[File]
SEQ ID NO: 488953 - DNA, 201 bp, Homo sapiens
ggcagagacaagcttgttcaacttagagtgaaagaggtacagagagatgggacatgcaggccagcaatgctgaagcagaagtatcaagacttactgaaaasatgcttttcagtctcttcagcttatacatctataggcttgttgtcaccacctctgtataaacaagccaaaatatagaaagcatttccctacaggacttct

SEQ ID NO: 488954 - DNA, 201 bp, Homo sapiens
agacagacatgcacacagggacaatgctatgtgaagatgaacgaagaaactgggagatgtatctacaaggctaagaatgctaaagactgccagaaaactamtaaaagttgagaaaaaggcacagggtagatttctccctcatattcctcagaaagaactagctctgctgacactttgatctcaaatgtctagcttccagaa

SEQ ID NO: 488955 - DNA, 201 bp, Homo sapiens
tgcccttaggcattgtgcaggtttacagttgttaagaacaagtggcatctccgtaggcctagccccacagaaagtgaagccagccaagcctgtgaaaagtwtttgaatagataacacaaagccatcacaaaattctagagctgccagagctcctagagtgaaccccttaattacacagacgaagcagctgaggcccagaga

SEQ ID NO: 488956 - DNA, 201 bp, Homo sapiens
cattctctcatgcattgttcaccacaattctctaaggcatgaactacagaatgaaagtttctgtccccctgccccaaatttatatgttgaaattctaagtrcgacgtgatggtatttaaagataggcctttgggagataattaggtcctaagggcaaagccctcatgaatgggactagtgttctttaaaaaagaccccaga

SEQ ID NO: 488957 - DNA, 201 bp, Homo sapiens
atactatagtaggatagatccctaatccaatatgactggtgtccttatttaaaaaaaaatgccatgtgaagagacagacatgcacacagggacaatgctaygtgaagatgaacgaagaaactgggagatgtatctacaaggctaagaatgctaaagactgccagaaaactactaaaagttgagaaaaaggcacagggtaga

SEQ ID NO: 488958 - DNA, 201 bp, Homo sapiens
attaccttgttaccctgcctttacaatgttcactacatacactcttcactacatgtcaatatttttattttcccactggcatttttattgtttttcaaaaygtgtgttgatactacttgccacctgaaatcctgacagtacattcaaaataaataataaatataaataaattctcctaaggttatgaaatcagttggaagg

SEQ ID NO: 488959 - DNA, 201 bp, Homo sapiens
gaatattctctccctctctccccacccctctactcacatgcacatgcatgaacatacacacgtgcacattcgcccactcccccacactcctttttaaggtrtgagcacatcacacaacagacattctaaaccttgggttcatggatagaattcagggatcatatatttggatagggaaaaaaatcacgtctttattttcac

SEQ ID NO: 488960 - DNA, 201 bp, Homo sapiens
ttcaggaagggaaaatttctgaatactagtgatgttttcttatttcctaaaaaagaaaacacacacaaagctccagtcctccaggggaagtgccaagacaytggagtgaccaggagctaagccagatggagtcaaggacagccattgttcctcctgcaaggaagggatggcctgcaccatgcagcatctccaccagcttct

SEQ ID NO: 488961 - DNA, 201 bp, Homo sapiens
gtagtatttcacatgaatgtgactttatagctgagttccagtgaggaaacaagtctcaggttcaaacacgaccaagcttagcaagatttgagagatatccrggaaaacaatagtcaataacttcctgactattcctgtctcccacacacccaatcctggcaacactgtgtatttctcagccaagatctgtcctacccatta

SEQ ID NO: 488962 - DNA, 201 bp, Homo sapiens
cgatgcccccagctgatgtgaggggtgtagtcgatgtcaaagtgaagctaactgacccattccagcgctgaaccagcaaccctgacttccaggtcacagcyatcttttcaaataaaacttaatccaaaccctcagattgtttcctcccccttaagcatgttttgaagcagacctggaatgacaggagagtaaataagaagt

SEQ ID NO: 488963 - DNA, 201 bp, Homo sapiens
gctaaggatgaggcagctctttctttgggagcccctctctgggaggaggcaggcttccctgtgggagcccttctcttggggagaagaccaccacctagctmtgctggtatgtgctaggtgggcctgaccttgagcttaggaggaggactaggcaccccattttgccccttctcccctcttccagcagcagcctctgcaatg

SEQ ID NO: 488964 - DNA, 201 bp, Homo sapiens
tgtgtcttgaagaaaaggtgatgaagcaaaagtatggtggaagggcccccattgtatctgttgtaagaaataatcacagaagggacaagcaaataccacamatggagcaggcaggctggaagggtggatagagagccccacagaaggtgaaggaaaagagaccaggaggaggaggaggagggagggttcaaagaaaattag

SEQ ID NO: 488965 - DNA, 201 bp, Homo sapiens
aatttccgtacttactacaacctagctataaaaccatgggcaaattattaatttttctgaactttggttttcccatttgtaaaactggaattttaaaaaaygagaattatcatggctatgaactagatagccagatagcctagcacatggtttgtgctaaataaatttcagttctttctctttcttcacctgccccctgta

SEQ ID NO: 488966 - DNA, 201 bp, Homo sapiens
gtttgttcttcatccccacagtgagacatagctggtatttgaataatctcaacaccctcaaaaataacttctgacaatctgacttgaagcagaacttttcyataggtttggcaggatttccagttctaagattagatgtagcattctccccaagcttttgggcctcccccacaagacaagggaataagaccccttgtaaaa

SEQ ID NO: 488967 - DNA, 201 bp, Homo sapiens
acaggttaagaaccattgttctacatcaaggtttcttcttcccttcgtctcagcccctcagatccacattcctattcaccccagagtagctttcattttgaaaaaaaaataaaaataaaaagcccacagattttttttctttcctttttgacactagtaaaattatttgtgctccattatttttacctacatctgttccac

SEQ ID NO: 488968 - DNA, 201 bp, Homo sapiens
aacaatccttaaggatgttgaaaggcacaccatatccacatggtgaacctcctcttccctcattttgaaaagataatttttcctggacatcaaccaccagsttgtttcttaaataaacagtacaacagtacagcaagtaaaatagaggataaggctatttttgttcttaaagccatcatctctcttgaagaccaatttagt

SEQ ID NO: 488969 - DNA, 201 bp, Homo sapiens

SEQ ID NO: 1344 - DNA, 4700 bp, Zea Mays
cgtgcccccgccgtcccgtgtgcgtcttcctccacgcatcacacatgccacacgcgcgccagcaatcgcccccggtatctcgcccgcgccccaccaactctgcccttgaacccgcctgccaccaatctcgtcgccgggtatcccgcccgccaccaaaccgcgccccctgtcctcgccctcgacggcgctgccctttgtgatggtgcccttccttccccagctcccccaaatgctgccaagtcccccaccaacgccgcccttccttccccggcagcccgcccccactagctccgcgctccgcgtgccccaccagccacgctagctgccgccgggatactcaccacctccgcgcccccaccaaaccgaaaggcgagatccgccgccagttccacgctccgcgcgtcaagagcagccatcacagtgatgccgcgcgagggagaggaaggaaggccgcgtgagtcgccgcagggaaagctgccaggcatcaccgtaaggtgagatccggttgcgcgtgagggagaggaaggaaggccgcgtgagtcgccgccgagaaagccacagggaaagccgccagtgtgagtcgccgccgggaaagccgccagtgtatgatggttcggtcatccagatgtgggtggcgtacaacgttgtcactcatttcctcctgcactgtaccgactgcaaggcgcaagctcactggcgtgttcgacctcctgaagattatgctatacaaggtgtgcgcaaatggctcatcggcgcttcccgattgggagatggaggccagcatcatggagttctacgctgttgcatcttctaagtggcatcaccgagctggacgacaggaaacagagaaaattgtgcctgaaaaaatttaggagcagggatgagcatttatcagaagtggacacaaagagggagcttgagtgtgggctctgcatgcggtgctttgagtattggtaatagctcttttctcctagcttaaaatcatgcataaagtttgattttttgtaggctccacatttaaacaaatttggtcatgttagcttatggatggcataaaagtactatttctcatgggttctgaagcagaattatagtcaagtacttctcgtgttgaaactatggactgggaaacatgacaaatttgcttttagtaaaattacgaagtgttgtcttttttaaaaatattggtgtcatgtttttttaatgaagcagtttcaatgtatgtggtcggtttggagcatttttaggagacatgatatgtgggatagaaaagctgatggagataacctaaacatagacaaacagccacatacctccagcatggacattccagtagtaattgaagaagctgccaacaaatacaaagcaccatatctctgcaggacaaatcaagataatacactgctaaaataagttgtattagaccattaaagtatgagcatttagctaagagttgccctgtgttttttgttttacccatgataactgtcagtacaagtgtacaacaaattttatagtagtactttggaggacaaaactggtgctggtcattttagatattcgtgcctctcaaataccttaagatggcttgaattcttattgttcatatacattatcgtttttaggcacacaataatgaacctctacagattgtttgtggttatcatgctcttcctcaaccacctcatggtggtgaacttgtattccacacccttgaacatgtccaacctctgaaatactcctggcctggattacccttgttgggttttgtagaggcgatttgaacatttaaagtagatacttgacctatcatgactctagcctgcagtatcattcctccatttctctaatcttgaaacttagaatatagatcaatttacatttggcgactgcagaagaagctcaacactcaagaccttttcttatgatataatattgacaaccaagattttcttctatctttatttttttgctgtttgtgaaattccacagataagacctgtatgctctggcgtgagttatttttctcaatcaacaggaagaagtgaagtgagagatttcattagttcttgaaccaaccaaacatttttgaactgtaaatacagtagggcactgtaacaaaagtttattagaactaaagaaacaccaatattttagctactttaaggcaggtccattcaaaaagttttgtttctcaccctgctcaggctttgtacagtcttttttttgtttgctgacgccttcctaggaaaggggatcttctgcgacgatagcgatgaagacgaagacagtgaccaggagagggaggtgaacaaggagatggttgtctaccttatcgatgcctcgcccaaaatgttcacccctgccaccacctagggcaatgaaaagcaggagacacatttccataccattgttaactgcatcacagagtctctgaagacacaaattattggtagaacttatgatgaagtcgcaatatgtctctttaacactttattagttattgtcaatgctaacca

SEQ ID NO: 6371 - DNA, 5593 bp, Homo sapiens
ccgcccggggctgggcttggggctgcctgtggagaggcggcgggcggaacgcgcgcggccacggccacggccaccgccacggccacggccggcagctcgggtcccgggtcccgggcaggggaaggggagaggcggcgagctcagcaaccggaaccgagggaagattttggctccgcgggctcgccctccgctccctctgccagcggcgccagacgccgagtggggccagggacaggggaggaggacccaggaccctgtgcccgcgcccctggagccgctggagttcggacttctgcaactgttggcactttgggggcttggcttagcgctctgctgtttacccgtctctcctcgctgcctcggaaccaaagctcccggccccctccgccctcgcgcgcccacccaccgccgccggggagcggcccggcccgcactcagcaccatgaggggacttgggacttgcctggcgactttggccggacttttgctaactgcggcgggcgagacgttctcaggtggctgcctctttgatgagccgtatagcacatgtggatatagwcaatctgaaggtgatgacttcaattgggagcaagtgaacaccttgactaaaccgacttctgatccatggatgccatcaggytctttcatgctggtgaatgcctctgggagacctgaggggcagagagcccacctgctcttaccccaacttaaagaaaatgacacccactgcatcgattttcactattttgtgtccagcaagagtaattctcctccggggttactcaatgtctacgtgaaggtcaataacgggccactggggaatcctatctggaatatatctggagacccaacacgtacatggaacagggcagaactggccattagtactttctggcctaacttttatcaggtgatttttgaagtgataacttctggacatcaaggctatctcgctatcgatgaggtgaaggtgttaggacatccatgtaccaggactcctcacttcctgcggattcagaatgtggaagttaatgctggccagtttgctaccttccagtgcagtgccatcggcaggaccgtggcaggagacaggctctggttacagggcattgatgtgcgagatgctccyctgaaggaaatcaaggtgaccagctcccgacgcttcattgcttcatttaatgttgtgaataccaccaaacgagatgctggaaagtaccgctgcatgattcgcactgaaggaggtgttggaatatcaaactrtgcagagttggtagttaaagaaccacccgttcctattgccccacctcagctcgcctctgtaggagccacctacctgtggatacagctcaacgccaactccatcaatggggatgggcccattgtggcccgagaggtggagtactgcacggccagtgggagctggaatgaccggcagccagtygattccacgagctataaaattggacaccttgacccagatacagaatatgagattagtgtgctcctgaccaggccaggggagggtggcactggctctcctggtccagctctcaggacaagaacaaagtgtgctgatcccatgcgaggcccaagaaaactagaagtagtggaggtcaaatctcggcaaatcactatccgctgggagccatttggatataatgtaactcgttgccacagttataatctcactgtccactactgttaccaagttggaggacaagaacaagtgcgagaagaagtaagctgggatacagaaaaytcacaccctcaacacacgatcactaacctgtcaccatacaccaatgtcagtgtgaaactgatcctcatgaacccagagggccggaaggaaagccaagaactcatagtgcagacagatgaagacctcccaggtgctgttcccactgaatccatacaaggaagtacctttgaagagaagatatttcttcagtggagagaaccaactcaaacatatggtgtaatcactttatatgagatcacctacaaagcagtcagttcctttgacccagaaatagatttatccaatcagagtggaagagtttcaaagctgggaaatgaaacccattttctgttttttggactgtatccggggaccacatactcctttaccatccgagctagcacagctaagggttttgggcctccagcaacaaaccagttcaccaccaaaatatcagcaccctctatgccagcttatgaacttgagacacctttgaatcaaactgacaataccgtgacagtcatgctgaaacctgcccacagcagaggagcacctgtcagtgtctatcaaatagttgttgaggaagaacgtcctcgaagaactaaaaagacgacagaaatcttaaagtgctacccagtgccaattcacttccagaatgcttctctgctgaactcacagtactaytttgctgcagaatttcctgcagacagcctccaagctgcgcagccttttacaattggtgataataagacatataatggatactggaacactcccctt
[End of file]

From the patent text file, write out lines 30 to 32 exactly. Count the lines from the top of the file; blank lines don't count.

acaggttaagaaccattgttctacatcaaggtttcttcttcccttcgtctcagcccctcagatccacattcctattcaccccagagtagctttcattttgaaaaaaaaataaaaataaaaagcccacagattttttttctttcctttttgacactagtaaaattatttgtgctccattatttttacctacatctgttccac

SEQ ID NO: 488968 - DNA, 201 bp, Homo sapiens
aacaatccttaaggatgttgaaaggcacaccatatccacatggtgaacctcctcttccctcattttgaaaagataatttttcctggacatcaaccaccagsttgtttcttaaataaacagtacaacagtacagcaagtaaaatagaggataaggctatttttgttcttaaagccatcatctctcttgaagaccaatttagt